But there was something more to the experience than just achieving these goals, something both greater and more impactful than them, and yet at the same time, something that is smaller and more personal. It was fun. It was enriching, but it was also exciting. They got a behind the scenes view of museums and a sense of how being a museum professional would be, but they also had a break from sitting in a classroom or being in a small town. The short term impact of the fun of a field trip is important, but fun has a bigger impact in the long run. They remember the pleasure at visiting a museum, and although the museums they visit may not be the first ones they might choose to go to (which is why I pick two very different types of them each year), they may be more likely to return to ones if they enjoyed their college encounter. But the fun is also a part of the experience of the curators, educators, and other professionals they encountered. These are people who enjoy their jobs. The idea that work can be fun, challenging, and exciting in a wide variety of ways is important for college students to see. That inquiry and exploration can take place outside of a classroom, but can be a way of life. My goal for the class, and in fact, of any class I teach, is that "lesson." I know they are hearing over and over and over again that value in life and career choice is measured by salary. I know that is important, but I want students to know that there are a variety of potential measures of the worth of a job or career.
This time I specifically picked two museums that were different from those we had visited in the past. At one of them, a student who took my museum class two years ago now has an important position, so that was already on my list. In fact, both museums really almost picked themselves. At the National World War I Museum, we had an opportunity to visit what is honestly a state of the art global history museum, with technology in all sorts of contexts, superb objects in gorgeous displays, and a very important story to communicate.
A reconstruction of what "over the top" looked like in the midst of trench warfare in World War I.We are coming up on the centenary of the Great War, and my university is a participant in the Museum's initiative to record and commemorate the war in Missouri. I don't know what sort of commemoration my university is going to be doing (and the US centenary is not until the spring of 2017 so we have time to plan), but I want students to be more sensitive to the implications of the War to End All Wars. My ideal situation would be to take all our students (or perhaps only the freshman) and pack them off to see the museum, perhaps as a freshman week experience. The people who work there are very fine professionals, and they are well aware of the uniqueness of their museum within the U.S. (it is the only museum dedicated exclusively to WWI), and the rarity of the museum in a world-wide context.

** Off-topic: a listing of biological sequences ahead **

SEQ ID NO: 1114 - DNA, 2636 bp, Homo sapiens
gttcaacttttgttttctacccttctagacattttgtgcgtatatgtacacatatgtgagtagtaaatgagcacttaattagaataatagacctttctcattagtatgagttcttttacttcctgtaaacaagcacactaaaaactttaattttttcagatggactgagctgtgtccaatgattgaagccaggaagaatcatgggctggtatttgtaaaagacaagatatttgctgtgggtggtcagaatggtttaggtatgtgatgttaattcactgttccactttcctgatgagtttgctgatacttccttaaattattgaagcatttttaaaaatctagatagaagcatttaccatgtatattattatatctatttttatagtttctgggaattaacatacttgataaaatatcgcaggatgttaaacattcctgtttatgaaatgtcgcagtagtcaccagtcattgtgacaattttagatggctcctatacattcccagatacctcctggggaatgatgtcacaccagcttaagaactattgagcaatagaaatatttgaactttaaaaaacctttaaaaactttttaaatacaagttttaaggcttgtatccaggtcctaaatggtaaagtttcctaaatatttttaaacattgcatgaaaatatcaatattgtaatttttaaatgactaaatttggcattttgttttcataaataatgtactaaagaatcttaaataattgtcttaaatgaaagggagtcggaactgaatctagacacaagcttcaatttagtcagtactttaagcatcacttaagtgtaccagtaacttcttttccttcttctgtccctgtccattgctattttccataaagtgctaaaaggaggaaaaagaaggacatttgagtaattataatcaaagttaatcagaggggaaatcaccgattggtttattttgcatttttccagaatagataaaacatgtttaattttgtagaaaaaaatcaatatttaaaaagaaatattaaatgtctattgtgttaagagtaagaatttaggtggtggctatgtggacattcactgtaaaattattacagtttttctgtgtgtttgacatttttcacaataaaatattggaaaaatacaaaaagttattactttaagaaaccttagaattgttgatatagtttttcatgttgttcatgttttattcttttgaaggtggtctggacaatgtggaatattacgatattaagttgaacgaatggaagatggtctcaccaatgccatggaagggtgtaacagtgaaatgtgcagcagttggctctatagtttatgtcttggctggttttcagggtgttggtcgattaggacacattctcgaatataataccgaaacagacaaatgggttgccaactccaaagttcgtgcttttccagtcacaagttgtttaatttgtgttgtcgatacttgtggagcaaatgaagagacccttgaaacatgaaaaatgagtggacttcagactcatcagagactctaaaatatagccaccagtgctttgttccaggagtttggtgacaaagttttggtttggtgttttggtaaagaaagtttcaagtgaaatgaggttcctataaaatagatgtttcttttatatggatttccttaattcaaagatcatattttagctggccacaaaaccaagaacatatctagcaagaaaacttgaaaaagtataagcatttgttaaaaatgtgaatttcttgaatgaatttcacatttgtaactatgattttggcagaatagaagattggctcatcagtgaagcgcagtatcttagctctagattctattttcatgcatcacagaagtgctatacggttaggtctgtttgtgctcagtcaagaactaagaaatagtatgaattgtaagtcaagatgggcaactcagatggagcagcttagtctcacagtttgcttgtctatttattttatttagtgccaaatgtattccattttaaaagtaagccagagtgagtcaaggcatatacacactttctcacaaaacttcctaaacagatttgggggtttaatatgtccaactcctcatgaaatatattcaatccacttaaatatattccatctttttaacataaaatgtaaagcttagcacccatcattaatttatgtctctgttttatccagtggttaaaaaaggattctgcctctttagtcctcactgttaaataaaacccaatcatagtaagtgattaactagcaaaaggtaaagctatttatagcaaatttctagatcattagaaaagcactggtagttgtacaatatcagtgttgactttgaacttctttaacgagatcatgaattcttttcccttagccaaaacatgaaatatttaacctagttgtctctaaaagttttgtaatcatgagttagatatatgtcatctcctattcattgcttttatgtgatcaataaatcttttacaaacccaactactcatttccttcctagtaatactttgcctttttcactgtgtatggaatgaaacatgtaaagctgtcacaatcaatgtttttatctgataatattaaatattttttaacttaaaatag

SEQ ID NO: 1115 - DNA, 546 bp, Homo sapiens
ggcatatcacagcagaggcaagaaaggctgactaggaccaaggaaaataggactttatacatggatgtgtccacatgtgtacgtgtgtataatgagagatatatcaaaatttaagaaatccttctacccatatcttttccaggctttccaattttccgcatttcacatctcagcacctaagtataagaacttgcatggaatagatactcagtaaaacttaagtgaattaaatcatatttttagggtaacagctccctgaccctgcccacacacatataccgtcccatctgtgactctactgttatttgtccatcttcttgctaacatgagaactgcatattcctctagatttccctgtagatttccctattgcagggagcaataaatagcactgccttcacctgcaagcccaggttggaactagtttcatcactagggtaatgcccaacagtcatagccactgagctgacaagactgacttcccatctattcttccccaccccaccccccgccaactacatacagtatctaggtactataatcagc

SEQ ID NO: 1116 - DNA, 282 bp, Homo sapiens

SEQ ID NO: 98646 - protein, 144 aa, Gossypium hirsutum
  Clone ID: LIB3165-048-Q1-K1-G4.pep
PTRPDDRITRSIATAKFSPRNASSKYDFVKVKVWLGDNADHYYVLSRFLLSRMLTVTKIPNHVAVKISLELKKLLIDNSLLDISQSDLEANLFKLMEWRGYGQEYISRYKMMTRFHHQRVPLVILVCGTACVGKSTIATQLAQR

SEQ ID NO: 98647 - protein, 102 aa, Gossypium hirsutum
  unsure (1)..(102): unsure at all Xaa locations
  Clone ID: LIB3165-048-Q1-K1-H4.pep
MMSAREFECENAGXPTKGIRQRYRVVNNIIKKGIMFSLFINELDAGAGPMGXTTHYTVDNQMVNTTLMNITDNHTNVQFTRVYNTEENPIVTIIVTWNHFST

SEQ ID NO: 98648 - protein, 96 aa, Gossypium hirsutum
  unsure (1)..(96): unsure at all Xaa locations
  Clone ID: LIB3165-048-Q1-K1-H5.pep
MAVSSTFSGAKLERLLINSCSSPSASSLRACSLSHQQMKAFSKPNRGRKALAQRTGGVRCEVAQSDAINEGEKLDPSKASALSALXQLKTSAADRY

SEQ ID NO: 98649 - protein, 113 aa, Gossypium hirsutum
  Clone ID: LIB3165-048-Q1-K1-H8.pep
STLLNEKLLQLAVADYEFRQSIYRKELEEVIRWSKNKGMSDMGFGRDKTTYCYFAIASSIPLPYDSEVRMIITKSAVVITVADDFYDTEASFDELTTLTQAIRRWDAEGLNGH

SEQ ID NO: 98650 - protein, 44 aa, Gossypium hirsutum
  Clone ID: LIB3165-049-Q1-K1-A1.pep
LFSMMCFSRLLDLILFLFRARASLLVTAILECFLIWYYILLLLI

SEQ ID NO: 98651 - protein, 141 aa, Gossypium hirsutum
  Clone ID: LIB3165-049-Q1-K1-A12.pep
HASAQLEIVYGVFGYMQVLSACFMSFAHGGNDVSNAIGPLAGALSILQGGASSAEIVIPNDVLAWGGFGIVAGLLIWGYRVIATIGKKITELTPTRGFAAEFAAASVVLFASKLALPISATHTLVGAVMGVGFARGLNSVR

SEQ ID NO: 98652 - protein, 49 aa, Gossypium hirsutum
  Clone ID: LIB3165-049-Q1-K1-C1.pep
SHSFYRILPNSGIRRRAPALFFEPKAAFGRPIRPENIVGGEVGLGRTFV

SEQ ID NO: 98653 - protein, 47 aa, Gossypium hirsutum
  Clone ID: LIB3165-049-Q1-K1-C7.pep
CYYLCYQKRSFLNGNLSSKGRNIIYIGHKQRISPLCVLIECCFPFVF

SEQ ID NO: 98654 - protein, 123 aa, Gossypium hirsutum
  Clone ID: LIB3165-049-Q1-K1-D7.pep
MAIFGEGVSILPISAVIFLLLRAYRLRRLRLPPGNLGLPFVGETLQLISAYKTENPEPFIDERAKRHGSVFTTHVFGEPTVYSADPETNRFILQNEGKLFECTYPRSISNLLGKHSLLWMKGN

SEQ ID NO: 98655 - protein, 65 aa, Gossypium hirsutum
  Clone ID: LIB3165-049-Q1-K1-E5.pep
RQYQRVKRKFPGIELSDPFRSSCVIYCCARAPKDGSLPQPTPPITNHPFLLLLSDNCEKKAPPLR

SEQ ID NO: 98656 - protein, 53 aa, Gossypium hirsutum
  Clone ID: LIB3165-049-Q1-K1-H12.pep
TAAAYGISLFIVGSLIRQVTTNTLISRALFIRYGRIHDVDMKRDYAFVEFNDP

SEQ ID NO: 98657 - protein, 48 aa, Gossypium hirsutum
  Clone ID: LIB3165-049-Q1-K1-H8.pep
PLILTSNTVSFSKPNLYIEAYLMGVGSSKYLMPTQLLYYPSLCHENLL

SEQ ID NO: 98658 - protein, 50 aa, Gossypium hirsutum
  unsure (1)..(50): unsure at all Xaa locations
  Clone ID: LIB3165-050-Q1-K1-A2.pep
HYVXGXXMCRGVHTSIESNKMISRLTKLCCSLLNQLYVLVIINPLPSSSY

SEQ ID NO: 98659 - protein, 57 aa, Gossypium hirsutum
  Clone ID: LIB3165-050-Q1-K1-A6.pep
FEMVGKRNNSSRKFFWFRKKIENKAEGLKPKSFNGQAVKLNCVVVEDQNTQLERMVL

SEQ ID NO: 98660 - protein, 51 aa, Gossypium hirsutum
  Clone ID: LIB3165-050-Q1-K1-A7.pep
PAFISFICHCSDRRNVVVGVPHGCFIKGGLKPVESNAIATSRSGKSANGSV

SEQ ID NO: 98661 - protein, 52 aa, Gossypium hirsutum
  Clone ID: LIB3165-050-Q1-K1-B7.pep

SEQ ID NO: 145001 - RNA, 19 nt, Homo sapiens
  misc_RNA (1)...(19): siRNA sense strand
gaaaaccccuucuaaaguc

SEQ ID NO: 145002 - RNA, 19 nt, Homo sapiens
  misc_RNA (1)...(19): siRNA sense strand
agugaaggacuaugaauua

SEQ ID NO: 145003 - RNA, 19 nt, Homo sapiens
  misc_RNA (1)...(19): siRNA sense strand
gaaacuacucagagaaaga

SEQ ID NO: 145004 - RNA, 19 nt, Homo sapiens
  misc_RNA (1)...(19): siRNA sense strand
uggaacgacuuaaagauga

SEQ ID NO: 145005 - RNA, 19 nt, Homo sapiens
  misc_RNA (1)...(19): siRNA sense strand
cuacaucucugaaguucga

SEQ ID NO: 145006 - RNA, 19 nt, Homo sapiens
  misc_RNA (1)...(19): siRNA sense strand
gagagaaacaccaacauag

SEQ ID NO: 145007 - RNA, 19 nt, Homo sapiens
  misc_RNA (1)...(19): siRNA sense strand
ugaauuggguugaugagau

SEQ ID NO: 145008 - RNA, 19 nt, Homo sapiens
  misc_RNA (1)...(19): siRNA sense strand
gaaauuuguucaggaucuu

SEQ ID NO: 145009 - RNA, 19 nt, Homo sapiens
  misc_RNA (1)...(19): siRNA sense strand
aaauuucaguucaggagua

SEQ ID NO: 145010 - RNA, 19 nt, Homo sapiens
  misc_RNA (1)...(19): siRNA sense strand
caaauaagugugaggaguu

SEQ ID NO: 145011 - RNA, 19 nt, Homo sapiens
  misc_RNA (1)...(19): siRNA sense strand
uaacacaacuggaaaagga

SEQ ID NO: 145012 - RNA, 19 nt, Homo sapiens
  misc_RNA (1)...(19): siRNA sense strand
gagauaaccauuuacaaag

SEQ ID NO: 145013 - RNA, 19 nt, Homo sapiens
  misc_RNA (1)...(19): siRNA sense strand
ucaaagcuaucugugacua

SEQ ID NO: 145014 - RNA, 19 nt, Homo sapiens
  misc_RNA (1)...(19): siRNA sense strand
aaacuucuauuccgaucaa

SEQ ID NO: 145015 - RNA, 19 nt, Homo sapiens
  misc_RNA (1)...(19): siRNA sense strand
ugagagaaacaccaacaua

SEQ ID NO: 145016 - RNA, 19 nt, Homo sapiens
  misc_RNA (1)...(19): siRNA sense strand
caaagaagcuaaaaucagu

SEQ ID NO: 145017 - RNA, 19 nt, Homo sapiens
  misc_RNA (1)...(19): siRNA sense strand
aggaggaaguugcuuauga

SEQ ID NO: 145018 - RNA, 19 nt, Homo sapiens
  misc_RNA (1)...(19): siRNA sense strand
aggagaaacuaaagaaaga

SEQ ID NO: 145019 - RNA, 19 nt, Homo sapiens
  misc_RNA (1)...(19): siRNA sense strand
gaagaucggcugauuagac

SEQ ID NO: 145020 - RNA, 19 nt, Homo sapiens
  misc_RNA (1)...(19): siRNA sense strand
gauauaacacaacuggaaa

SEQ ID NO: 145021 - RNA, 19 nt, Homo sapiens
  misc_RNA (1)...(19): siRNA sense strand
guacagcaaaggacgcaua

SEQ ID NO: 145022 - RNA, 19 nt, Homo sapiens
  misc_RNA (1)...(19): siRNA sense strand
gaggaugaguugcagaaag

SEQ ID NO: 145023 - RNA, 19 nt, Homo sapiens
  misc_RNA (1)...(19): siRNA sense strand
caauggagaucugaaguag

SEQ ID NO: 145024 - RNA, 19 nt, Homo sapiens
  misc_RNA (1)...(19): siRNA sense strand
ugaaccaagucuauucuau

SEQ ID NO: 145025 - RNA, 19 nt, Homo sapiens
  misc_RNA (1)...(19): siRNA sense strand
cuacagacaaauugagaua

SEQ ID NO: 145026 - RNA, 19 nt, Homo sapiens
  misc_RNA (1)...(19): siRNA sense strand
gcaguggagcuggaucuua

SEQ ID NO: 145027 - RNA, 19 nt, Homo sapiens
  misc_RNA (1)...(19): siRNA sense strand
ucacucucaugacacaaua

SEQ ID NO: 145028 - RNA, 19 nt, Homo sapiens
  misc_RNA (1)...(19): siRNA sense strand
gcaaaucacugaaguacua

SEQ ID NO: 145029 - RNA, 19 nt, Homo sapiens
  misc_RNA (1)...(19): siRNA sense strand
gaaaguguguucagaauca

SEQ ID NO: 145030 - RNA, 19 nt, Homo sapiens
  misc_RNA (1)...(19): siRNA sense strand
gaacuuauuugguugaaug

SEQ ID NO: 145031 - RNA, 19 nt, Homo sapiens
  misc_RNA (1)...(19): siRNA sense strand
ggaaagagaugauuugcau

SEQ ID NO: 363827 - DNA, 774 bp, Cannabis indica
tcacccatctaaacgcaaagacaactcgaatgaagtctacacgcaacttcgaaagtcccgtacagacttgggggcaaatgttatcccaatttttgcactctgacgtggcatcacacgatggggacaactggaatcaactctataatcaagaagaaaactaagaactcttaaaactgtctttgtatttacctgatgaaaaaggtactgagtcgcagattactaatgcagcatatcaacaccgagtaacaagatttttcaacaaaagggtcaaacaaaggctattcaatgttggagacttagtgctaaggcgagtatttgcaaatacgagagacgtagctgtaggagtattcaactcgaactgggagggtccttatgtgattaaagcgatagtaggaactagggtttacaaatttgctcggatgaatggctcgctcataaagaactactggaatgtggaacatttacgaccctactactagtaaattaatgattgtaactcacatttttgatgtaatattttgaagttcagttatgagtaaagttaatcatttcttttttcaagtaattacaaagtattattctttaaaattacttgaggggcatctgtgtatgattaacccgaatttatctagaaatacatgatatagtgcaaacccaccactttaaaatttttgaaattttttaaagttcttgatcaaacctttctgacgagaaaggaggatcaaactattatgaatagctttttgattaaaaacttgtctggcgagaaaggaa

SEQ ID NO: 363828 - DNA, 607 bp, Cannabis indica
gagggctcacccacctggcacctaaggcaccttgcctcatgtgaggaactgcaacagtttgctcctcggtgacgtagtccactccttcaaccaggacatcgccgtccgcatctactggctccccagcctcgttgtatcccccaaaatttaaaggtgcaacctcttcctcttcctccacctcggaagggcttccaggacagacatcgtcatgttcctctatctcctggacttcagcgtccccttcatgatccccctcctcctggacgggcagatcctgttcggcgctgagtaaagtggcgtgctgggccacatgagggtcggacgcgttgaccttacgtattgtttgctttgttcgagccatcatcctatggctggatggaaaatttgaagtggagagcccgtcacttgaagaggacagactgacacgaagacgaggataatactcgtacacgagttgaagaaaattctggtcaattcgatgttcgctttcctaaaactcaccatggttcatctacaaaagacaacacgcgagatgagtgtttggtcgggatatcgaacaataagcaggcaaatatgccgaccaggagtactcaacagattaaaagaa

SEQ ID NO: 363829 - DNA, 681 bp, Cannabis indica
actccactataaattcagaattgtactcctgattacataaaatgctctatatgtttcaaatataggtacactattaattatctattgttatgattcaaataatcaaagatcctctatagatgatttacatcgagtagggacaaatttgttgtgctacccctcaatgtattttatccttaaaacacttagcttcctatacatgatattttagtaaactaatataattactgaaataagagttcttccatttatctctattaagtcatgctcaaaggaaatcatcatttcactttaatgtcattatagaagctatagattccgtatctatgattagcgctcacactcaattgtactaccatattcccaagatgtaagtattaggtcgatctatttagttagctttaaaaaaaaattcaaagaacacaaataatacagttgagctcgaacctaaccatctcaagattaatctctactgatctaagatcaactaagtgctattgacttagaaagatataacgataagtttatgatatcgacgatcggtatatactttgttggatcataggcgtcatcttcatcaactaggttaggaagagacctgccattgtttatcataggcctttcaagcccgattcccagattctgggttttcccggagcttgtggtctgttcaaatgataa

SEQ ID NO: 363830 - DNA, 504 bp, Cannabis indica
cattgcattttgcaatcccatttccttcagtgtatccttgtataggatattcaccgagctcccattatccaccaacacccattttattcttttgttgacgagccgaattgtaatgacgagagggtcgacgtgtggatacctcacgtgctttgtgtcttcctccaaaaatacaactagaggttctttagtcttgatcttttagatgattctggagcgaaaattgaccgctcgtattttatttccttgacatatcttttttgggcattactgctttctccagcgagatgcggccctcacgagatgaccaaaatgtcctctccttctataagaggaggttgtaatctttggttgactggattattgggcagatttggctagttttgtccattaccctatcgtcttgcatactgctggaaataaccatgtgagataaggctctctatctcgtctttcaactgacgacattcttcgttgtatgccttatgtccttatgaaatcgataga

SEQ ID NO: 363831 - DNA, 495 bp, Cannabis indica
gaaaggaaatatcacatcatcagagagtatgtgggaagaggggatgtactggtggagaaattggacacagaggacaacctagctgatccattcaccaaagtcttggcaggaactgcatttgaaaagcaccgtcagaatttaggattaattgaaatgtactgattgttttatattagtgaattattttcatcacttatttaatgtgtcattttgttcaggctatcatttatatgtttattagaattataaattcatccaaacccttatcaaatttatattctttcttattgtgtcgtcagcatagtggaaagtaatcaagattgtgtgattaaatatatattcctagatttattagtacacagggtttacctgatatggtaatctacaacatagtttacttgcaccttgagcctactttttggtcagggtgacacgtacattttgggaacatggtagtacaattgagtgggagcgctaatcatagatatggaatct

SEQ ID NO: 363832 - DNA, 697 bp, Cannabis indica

My class met with the chief curator, the archivist, and registrar, and educator, and then students had an hour and a half or so to wander around the museum at their own pace. Some examined displays to get an idea of how they could do an exhibit on the Great War at our institution, while others spent a lot of time exploring the digital interactive displays which are laid out on big light tables. One student sat herself in one of the sound booths to listen to poetry being read and music of the Great War and started to write a bit of her own.
And we were treated well by Science City. I had planned to go there second, so that students would have a chance to run around and play and release their energy, after the more academic museum in the morning. I figured they would be able to run and jump and play with such things as a human-sized hamster wheel (hint: the best time to go to an interactive museum like that is after school groups would have left for the day on a weekday -- Tuesday at 3? We had the museum to ourselves, almost!). Then the idea was we would relax and calm down at the end with a planetarium show. It would have worked well, too, except they were too excited to be calm. I know they were happy, because I was treated to rather raucus karaoke almost the whole way back!
I don't think I needed to set a specific credit-bearing assignment for the experience. The experience itself, getting to see behind the scenes of two very different museums, was enough. They will remember it, and remember the long long field trip that was so much fun, even if we didn't get back to campus until 10:30 at night. Whether they go on to work in a museum, or teach school or college students, or simply have children of their own who may be going on field trips themselves, I think having made this trip will be a useful thing for their knowledge of history, museum practice, and for their attitudes toward what a museum visit can be.
And besides, even when you are an adult, it is just as wonderful to take a field trip as it was when you were in school. It may or may not be life changing, but it is still pretty cool.
High wire bike at Science City.